The cook had a headache. And a backache to boot. No wonder, she had been kneeling in the vegetable patch for more than two hours, plucking and pulling and pulling the weeds out of the summer-warm earth. The small walnut trees with their long roots made it particularly difficult for her. She had already dug up a dozen. At least! The Alte Mühle's vegetable garden was located right between the forest and the stream and the Ahrntal squirrels had decided that this would be a particularly suitable place to hide nuts. However, they buried so many that they couldn't eat half of them and the squirrel food soon turned into stately little trees, which were such a nuisance to the cook that she cursed the „Oachkatzlan“ (squirrels), as they are called here, crosswise. But only in her mind! Because curses were a serious matter at the time and not something that came lightly to the lips.
Just as our cook pulled the thirteenth little walnut sapling out of the ground, something flitted past her. She blinked. Indeed! A chestnut-brown squirrel was sitting on the garden fence not a metre away, looking at her with big beady eyes. As if to say: don't be angry with me, I have children to feed too. The cook wiped the beads of sweat from her forehead. The August sun must have taken its toll on her. Anyone who spoke to an "Oachkatzl" in their mind was beyond help.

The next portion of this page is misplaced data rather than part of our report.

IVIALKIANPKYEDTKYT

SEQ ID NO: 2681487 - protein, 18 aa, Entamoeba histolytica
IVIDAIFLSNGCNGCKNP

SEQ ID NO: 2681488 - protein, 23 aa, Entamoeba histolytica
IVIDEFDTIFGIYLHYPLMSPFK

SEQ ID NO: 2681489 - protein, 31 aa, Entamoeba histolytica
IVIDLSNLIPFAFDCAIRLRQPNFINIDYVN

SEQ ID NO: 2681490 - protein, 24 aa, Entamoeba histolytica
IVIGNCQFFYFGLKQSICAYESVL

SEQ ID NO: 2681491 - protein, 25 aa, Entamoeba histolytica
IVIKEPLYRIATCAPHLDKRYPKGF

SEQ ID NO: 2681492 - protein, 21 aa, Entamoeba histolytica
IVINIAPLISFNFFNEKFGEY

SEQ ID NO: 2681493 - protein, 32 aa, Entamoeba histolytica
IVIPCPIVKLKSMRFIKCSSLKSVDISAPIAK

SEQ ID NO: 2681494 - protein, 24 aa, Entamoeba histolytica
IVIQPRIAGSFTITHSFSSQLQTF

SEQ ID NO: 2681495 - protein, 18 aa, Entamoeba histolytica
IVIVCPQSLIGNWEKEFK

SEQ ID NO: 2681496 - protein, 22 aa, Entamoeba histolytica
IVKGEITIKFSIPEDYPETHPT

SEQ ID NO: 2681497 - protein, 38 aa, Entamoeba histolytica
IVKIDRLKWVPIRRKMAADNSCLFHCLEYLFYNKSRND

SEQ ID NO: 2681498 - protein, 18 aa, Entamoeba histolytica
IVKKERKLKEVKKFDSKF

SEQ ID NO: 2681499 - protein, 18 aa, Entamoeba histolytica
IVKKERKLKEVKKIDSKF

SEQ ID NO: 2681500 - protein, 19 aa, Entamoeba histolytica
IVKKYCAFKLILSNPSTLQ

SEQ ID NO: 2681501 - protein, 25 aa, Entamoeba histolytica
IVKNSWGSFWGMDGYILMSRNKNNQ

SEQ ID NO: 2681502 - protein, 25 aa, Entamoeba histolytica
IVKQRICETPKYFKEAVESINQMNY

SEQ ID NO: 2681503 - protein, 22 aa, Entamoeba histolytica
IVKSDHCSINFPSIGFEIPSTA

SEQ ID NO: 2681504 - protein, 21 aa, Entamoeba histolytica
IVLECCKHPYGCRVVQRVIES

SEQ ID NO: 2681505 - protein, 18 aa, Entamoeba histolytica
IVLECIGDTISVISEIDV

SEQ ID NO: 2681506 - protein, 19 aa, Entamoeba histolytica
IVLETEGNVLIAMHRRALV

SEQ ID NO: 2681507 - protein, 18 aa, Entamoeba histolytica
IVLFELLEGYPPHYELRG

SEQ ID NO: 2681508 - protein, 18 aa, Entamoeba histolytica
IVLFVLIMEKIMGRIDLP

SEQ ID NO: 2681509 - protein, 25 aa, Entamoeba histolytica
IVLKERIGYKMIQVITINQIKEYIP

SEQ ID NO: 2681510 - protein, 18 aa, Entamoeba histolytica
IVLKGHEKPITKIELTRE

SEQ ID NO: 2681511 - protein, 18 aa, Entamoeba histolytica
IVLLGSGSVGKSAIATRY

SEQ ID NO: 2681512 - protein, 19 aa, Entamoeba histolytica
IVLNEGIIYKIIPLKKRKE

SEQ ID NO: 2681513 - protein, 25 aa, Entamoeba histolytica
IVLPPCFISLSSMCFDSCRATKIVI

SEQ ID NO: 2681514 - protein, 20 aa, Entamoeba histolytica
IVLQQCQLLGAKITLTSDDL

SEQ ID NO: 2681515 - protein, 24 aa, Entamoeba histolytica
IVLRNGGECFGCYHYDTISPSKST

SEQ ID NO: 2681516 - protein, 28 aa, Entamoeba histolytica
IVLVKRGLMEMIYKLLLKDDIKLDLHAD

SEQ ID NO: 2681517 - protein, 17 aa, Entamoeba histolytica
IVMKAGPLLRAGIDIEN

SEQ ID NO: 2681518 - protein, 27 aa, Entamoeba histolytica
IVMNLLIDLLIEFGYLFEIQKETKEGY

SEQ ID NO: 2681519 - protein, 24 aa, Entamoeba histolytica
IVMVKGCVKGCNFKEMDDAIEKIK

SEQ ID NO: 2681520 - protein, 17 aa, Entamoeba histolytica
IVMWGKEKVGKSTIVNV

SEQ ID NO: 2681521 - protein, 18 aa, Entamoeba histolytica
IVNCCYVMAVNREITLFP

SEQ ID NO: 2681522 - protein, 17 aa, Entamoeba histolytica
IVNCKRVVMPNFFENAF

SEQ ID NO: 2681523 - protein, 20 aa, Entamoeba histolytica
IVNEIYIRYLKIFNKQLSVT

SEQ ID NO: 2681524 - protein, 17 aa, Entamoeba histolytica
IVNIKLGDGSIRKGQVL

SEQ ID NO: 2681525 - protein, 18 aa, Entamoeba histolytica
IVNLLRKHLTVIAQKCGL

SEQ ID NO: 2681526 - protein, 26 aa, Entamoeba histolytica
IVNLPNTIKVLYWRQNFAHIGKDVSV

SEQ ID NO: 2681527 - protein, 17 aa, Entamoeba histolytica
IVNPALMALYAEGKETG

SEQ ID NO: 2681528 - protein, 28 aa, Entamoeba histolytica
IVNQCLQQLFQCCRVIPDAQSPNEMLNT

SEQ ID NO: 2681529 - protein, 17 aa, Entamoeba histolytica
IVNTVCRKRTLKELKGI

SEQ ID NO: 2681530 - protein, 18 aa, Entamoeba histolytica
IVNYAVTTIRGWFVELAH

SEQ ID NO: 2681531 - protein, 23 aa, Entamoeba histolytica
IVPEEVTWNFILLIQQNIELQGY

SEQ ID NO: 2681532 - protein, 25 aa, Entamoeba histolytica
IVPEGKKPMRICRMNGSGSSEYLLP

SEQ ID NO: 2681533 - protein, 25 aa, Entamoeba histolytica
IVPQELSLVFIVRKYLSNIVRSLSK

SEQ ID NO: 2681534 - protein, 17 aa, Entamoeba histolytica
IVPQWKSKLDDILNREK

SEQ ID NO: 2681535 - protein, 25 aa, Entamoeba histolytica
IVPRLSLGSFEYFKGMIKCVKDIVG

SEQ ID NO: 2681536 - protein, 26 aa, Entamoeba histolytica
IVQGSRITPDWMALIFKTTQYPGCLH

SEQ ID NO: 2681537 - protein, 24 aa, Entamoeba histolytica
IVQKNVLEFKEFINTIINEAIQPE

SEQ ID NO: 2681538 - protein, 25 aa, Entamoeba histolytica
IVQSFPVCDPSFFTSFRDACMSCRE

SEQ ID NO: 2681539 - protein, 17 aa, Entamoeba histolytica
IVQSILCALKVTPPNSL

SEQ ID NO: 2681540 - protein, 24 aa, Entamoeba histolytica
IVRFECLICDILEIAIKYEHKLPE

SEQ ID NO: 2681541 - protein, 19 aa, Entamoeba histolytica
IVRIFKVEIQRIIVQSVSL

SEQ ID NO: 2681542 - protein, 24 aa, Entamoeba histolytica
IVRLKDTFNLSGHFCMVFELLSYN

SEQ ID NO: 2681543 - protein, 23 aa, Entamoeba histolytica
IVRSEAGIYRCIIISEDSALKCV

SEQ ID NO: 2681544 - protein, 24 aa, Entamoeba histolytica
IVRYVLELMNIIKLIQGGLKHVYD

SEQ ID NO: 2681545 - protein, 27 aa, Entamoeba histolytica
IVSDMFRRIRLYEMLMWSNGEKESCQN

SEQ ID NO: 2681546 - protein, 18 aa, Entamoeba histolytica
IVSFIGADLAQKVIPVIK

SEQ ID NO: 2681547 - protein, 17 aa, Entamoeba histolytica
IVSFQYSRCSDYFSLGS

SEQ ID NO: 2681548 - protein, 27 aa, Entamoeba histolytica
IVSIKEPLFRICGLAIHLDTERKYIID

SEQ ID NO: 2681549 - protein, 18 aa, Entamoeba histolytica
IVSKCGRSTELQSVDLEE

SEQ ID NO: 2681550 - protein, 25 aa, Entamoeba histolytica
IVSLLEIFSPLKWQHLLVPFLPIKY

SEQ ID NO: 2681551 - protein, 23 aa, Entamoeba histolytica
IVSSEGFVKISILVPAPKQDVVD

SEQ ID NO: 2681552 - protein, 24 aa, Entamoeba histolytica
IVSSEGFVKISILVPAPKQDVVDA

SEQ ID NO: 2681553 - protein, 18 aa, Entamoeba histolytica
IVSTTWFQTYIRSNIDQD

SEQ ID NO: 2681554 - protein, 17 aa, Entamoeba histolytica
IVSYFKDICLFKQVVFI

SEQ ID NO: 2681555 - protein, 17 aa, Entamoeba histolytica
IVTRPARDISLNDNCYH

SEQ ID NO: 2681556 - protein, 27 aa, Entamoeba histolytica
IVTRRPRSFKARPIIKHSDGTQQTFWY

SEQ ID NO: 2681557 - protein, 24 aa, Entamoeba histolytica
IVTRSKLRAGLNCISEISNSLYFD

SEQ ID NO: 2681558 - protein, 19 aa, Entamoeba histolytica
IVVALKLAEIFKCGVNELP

The days and weeks went by and it had become winter in the Alte Mühle. The cook's headache and backache were only a faint memory. But she couldn't get the squirrel out of her mind. A guilty conscience plagued her. After all, the squirrels didn't bury the walnuts for nothing. Had she interfered with the cycle of nature and thwarted the plans of the Lord God? Father Jungmann knew what to do: a little " Lord's Prayer" and a kind gift to the squirrels would probably put things right. And so the cook placed a walnut on the windowsill every week and was delighted when she saw the maroon squirrel picking up the nut.
Christmas was only a few days away. The Alte Mühle was almost drowning in snow and our cook could hardly save herself from work. The "Kletzenbrot", a kind of Christmas stollen with all kinds of dried fruit and nuts, still had to be baked. What a disaster! She had thought of everything and the pantry was well stocked. The cook was only missing one ingredient. Can you guess which one? That's right: she had completely forgotten the walnuts. And there were none left in the whole village. Tears of anger welled up in our cook's eyes. What a forgetful sheep she was! What could she do now? A Christmas without Kletzenbrot was unimaginable. When her anger at herself had subsided somewhat, she looked out of the small kitchen window to organise her thoughts. What was that? There, on the windowsill? Where there had just been a hand's breadth of snow, there was a hefty pile of walnuts. At least three handfuls. Enough for the Kletzenbrot. Next to it, our cook had to look twice when she spotted small tracks in the snow. Tiny little paw prints could be seen. And she knew that: The squirrel had just saved her Christmas.